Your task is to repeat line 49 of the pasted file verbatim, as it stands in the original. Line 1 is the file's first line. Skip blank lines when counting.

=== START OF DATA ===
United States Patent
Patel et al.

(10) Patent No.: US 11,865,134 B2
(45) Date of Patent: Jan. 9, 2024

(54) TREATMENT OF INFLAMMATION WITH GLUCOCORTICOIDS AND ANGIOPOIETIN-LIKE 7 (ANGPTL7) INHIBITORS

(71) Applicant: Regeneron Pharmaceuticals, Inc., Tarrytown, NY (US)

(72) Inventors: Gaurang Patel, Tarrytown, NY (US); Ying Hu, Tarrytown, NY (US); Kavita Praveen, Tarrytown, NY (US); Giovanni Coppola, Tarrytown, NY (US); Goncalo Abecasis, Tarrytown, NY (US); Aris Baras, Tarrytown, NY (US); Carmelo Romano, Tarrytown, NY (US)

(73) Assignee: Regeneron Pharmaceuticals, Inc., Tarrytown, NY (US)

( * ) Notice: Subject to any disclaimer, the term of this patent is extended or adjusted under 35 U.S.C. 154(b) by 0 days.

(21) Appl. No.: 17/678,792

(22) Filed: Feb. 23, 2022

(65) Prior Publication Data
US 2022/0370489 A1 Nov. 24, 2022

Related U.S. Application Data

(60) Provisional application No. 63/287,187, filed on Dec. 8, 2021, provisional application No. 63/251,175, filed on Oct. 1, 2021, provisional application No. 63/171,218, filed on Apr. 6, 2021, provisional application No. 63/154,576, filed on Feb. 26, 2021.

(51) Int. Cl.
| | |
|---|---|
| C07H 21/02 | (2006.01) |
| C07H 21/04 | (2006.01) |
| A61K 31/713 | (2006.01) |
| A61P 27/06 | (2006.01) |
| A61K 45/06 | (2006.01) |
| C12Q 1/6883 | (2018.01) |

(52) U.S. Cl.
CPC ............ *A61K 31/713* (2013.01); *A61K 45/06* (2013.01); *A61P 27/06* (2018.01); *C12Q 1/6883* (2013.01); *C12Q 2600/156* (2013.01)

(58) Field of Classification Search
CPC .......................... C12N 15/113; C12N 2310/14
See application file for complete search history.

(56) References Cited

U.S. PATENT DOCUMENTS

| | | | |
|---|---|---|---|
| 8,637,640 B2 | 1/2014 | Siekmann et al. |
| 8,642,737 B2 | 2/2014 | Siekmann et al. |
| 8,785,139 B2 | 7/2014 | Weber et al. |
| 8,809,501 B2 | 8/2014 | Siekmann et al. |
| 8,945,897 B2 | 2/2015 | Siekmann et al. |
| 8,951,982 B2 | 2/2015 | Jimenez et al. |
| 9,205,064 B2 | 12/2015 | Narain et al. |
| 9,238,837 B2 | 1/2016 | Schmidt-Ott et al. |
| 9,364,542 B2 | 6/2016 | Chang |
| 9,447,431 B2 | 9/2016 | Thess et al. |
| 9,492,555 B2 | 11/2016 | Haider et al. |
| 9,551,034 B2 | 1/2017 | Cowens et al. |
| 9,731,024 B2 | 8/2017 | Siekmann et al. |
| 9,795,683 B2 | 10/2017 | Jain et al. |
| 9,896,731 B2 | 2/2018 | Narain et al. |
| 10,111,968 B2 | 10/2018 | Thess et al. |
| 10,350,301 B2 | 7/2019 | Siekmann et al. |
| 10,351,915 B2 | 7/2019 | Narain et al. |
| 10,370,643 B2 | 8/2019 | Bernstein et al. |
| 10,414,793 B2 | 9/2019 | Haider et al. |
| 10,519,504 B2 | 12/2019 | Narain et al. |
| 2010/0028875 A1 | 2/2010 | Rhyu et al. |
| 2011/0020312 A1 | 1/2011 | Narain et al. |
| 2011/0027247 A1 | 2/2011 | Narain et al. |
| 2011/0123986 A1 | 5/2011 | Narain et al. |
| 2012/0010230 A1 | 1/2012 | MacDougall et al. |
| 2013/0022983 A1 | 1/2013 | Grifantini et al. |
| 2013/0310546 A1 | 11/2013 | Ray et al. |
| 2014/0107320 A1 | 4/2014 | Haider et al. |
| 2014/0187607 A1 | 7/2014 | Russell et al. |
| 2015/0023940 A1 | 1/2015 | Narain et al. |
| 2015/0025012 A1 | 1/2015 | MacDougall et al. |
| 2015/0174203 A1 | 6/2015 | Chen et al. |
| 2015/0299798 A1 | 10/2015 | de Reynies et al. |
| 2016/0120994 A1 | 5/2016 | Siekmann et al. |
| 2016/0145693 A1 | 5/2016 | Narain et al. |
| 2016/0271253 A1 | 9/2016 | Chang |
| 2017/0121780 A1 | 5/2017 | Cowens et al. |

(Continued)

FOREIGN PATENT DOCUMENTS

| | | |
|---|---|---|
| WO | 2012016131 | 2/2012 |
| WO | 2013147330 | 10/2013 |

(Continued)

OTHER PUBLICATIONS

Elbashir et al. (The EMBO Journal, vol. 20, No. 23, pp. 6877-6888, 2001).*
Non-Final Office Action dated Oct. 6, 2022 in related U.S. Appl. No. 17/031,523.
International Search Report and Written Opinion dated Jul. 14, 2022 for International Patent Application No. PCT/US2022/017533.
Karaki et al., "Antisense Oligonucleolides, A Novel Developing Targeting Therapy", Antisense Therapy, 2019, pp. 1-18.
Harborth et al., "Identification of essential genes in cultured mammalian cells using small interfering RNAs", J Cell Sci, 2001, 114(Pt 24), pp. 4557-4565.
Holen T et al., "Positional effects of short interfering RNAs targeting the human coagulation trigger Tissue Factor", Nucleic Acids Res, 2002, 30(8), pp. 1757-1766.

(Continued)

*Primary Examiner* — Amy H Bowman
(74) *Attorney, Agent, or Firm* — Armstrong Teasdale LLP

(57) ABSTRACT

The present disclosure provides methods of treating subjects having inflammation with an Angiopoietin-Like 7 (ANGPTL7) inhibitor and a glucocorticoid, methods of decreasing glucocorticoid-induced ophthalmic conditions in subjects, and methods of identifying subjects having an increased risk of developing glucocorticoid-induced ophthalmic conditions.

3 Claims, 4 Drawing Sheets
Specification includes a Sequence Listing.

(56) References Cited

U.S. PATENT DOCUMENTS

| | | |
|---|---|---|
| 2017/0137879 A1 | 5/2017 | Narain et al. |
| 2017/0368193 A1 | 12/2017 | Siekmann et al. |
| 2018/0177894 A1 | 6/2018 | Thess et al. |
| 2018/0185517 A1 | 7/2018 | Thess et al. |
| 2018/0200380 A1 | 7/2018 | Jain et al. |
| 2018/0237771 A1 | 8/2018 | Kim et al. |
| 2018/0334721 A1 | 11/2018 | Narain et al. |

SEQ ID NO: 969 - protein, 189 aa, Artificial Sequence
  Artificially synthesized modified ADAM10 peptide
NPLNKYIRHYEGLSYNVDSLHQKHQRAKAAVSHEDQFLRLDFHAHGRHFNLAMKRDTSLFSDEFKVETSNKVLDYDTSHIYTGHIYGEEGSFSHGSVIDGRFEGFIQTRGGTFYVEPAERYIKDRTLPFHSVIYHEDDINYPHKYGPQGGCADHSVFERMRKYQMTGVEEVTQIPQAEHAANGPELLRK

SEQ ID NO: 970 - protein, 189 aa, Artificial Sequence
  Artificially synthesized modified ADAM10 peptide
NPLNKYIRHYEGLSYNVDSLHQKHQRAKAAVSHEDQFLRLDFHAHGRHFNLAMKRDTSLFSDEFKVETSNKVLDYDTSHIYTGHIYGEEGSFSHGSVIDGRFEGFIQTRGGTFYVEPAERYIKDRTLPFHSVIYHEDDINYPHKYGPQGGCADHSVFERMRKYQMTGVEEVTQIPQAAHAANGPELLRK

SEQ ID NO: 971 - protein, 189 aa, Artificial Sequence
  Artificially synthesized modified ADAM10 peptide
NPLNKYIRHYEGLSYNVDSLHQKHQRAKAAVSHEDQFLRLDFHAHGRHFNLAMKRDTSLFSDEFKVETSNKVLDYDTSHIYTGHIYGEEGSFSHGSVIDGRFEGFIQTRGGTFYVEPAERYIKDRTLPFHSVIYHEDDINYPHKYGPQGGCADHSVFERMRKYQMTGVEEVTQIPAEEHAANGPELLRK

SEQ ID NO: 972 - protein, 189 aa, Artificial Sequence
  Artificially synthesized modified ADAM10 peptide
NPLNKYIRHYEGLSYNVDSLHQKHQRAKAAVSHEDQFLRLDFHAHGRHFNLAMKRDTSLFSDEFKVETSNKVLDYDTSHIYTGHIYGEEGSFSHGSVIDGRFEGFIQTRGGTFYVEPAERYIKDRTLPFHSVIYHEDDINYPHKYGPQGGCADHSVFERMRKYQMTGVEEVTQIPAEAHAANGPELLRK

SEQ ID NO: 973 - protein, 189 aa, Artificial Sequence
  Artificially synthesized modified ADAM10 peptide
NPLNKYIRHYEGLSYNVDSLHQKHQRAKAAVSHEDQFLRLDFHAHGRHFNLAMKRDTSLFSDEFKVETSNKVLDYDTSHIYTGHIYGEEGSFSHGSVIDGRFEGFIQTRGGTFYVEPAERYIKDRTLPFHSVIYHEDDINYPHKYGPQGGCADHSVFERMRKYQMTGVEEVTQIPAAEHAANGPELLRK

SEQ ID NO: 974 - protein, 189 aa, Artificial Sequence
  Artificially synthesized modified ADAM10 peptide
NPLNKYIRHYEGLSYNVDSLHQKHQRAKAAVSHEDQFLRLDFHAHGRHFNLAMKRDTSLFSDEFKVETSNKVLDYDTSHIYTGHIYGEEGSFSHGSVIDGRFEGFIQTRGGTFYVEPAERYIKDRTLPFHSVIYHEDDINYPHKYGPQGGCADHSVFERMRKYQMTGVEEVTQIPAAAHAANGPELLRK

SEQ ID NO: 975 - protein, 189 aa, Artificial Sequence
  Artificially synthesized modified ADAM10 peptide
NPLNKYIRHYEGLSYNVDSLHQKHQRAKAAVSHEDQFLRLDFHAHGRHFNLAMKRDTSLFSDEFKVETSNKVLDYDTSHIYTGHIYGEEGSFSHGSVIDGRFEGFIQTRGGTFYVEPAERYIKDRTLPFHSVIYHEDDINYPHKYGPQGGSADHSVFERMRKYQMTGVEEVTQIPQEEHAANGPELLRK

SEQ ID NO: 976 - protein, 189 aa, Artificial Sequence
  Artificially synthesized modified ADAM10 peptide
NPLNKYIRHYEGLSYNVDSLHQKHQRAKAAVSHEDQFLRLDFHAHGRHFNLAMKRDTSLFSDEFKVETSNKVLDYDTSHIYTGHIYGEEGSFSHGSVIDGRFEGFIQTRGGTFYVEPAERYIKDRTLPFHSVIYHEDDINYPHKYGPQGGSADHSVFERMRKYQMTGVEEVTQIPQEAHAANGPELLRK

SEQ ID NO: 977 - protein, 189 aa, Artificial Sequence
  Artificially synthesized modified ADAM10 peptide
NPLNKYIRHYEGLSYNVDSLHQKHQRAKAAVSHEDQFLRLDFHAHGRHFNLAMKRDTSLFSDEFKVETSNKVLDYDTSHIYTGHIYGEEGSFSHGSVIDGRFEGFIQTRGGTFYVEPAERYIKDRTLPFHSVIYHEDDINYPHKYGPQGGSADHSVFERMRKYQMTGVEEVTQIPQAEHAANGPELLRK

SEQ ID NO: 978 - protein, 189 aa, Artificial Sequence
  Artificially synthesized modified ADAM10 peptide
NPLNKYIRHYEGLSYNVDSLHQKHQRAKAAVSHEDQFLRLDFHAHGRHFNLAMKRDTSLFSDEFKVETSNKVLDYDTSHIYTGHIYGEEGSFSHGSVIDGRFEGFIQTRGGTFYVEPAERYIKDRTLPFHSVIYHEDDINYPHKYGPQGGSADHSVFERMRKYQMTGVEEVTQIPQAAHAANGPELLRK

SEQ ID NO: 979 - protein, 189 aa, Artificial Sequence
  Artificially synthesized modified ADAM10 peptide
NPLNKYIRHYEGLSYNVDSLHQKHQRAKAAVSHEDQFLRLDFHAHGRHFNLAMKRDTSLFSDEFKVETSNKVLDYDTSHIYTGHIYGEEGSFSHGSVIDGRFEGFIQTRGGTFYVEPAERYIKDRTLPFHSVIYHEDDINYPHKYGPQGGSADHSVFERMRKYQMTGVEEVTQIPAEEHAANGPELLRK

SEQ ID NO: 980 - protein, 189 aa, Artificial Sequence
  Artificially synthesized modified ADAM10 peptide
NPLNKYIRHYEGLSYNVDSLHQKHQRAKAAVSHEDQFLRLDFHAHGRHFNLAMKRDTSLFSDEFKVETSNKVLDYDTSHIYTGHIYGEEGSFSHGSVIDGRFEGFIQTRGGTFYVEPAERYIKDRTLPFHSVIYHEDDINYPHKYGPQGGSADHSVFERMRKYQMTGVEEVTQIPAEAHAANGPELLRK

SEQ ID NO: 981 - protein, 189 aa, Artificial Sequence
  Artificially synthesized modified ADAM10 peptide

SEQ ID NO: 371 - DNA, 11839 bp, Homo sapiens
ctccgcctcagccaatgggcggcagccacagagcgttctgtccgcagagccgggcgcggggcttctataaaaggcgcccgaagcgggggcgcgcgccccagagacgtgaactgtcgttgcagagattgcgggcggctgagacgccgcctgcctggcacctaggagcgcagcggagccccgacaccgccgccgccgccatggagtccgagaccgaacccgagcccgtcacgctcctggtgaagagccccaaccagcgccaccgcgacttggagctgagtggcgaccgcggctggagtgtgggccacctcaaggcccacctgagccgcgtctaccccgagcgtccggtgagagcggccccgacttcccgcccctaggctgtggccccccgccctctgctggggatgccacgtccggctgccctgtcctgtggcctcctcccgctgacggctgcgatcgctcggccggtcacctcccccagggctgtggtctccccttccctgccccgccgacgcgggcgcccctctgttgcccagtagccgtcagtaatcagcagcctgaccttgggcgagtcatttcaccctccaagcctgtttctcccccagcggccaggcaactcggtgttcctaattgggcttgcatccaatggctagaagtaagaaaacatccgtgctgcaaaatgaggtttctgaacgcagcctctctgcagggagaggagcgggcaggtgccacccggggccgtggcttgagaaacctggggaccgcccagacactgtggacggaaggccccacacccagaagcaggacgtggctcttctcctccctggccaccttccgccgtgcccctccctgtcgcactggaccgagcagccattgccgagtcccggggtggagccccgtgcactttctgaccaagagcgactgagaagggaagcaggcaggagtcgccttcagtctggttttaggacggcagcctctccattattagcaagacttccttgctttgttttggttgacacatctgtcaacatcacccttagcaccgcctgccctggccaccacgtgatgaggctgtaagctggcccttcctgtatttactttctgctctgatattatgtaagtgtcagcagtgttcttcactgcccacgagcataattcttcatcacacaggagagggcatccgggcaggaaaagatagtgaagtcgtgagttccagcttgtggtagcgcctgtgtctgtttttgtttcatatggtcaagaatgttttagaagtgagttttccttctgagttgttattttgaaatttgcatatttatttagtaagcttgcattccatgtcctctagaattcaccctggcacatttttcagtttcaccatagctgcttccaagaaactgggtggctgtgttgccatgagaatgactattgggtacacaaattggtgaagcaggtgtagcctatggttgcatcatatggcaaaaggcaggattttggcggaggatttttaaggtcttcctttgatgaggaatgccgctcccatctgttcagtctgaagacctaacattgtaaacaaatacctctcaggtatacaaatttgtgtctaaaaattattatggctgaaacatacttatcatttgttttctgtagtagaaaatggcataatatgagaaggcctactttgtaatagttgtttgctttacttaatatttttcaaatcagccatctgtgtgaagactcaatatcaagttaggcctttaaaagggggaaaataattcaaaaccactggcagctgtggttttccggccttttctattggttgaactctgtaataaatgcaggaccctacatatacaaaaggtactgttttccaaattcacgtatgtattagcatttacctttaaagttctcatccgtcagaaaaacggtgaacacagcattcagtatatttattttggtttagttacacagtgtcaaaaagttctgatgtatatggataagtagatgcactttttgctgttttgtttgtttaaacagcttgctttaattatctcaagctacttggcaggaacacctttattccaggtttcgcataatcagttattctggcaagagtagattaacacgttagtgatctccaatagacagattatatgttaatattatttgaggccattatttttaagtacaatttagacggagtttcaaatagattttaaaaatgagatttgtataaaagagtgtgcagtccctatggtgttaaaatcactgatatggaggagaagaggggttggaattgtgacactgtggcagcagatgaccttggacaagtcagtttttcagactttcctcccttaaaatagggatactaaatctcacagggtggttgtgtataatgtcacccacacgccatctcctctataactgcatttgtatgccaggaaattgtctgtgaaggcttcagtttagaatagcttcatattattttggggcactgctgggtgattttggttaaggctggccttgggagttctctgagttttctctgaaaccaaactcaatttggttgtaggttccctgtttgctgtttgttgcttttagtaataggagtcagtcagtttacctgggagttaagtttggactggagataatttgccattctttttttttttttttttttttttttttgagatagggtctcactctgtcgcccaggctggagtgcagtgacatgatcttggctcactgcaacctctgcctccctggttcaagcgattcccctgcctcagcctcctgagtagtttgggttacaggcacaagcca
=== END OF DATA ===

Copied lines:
| 10,111,968 B2 | 10/2018 | Thess et al. |